Well, everyone likes a winner. It’s the reason the sight of a Manchester City shirt has become far more common in the past year or so here in Bangladesh. It also explains why I receive blank looks when I tell people I support Plymouth Argyle. Brazil have lifted the World Cup five times and Argentina are a consistent performer. Germany and Italy also both have a reputation for success when it matters, and the emergence of the Spanish flag is no coincidence given their consecutive triumphs at the 2010 World Cup and 2012 European Championships. Naturally many people here don’t remember, or are unaware of Geoff Hurst’s hatrick at Wembley in 1966, or our countless penalty heartaches, and thus we (England) have built a reputation of being distinctly average.
The style of football is also important. The samba skills of South America are a major factor. There is passion and art, with crisp, short, sharp passing, mazy runs, cheeky dinks and thunderous shots on goal. This is what people want to see when they tune in to see the stars of the world stage. They don’t want to spend 90 minutes witnessing teams hoofing a football 80 yards, or scoring and then positioning all ten players behind the ball. People want to see pace and skill and this is why Bangladeshis have taken South American teams to their hearts.
The continent is home to two of football’s biggest legends – Messrs Pele and Maradona. Their fame is felt here in Bangladesh too, and as one friend explained in reference to the ‘Hand of God,’ “Some Bangladeshis have a crazy kind of infatuation with him. His cocaine induced antics plus his blatant disregard for the laws of the game and some serious skills too, won millions of hearts.” Maradona’s legacy clearly lives on, but in addition Argentina and the world (including Bangladesh) now have a new legend to worship – Lionel Messi. Undoubtedly close to cementing himself into football folklore, Messi has given people here even more reason to back the Argentinians.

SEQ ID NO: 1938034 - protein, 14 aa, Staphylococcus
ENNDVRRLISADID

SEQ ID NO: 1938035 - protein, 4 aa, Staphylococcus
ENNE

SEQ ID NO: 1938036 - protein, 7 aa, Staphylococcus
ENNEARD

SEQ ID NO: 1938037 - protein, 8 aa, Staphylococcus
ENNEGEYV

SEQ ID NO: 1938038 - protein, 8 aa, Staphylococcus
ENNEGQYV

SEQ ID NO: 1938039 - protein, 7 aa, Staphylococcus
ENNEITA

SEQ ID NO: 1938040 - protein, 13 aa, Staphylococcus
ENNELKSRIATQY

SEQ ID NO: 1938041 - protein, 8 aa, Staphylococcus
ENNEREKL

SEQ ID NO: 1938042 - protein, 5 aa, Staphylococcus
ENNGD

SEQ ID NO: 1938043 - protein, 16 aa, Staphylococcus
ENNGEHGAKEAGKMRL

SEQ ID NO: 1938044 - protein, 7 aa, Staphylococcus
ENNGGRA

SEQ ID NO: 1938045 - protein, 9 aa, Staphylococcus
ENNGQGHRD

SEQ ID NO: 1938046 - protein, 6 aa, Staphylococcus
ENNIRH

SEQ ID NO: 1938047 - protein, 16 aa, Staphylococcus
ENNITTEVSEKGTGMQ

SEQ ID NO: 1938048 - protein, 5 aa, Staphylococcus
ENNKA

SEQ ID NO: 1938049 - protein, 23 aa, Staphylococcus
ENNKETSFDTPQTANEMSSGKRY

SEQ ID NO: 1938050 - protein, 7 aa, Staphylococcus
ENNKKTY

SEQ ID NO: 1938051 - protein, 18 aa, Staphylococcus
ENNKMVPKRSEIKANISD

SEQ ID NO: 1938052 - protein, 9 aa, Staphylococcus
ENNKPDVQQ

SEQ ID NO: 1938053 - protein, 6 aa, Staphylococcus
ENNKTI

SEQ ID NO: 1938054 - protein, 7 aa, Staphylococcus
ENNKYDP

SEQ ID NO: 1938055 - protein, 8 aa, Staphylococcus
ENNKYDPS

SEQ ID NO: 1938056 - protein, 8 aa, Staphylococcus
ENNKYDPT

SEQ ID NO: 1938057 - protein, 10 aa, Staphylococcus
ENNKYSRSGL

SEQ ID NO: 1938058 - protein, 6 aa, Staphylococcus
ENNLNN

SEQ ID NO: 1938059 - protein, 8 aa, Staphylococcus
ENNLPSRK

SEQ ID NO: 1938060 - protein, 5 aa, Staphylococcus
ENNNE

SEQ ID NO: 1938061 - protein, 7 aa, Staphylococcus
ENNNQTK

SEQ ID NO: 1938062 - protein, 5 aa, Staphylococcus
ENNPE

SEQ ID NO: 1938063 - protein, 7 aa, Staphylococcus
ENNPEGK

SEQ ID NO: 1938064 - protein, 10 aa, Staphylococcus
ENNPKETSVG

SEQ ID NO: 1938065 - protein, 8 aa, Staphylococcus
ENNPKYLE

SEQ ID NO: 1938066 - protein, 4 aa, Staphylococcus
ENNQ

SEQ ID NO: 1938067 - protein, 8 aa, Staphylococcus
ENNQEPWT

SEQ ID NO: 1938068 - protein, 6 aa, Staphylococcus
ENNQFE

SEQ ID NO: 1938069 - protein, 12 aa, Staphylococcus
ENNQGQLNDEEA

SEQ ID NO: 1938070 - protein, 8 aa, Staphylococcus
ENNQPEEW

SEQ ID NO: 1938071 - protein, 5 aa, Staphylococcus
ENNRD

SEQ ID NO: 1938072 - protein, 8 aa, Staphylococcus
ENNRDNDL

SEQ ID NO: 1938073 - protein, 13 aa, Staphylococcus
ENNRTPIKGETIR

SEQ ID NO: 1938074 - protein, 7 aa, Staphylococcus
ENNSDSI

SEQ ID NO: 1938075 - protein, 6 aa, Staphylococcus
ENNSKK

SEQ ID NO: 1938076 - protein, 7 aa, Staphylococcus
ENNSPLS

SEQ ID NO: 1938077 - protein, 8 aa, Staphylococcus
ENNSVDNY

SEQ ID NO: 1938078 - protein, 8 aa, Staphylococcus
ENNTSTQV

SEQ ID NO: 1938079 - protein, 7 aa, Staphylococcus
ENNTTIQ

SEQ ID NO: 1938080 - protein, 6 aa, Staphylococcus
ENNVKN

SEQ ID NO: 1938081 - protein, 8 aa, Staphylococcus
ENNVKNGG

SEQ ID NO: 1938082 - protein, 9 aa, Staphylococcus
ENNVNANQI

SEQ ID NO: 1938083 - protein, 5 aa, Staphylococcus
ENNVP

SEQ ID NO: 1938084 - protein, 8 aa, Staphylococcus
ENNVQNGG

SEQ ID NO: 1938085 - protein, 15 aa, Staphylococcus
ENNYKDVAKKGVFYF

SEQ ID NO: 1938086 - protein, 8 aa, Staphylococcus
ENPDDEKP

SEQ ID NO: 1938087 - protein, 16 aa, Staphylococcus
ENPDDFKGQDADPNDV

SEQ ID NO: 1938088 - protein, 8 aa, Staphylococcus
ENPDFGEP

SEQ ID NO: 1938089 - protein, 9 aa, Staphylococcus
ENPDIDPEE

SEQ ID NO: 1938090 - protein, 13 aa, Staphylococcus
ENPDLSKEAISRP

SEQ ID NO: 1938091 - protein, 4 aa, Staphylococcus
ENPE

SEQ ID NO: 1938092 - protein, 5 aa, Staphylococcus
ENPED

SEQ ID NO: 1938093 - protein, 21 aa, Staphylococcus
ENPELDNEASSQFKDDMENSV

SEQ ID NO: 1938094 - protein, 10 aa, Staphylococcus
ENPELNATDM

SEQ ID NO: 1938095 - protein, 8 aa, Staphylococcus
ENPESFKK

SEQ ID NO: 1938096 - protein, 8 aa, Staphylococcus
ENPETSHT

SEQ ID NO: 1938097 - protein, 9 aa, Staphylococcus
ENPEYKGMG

England have fallen behind in the global popularity stakes. We just don’t have a genuine global star anymore; a player that excites fans across the globe and creates anticipation and expectation when the ball is at his feet. Argentina has Messi, Brazil has Neymar, Portugal has Ronaldo, Uruguay has Suarez, Italy has Pirlo, Spain has Iniesta, and the Dutch have Van Persie. We have Rooney. As much as we may want to believe otherwise, Rooney is not a global superstar. David Beckham is the last player to represent the England national team who captured the imagination of fans right across the globe, and even then I’m inclined to say it wasn’t solely due to his performances on the pitch.
“The English Premier League is the best in the world.”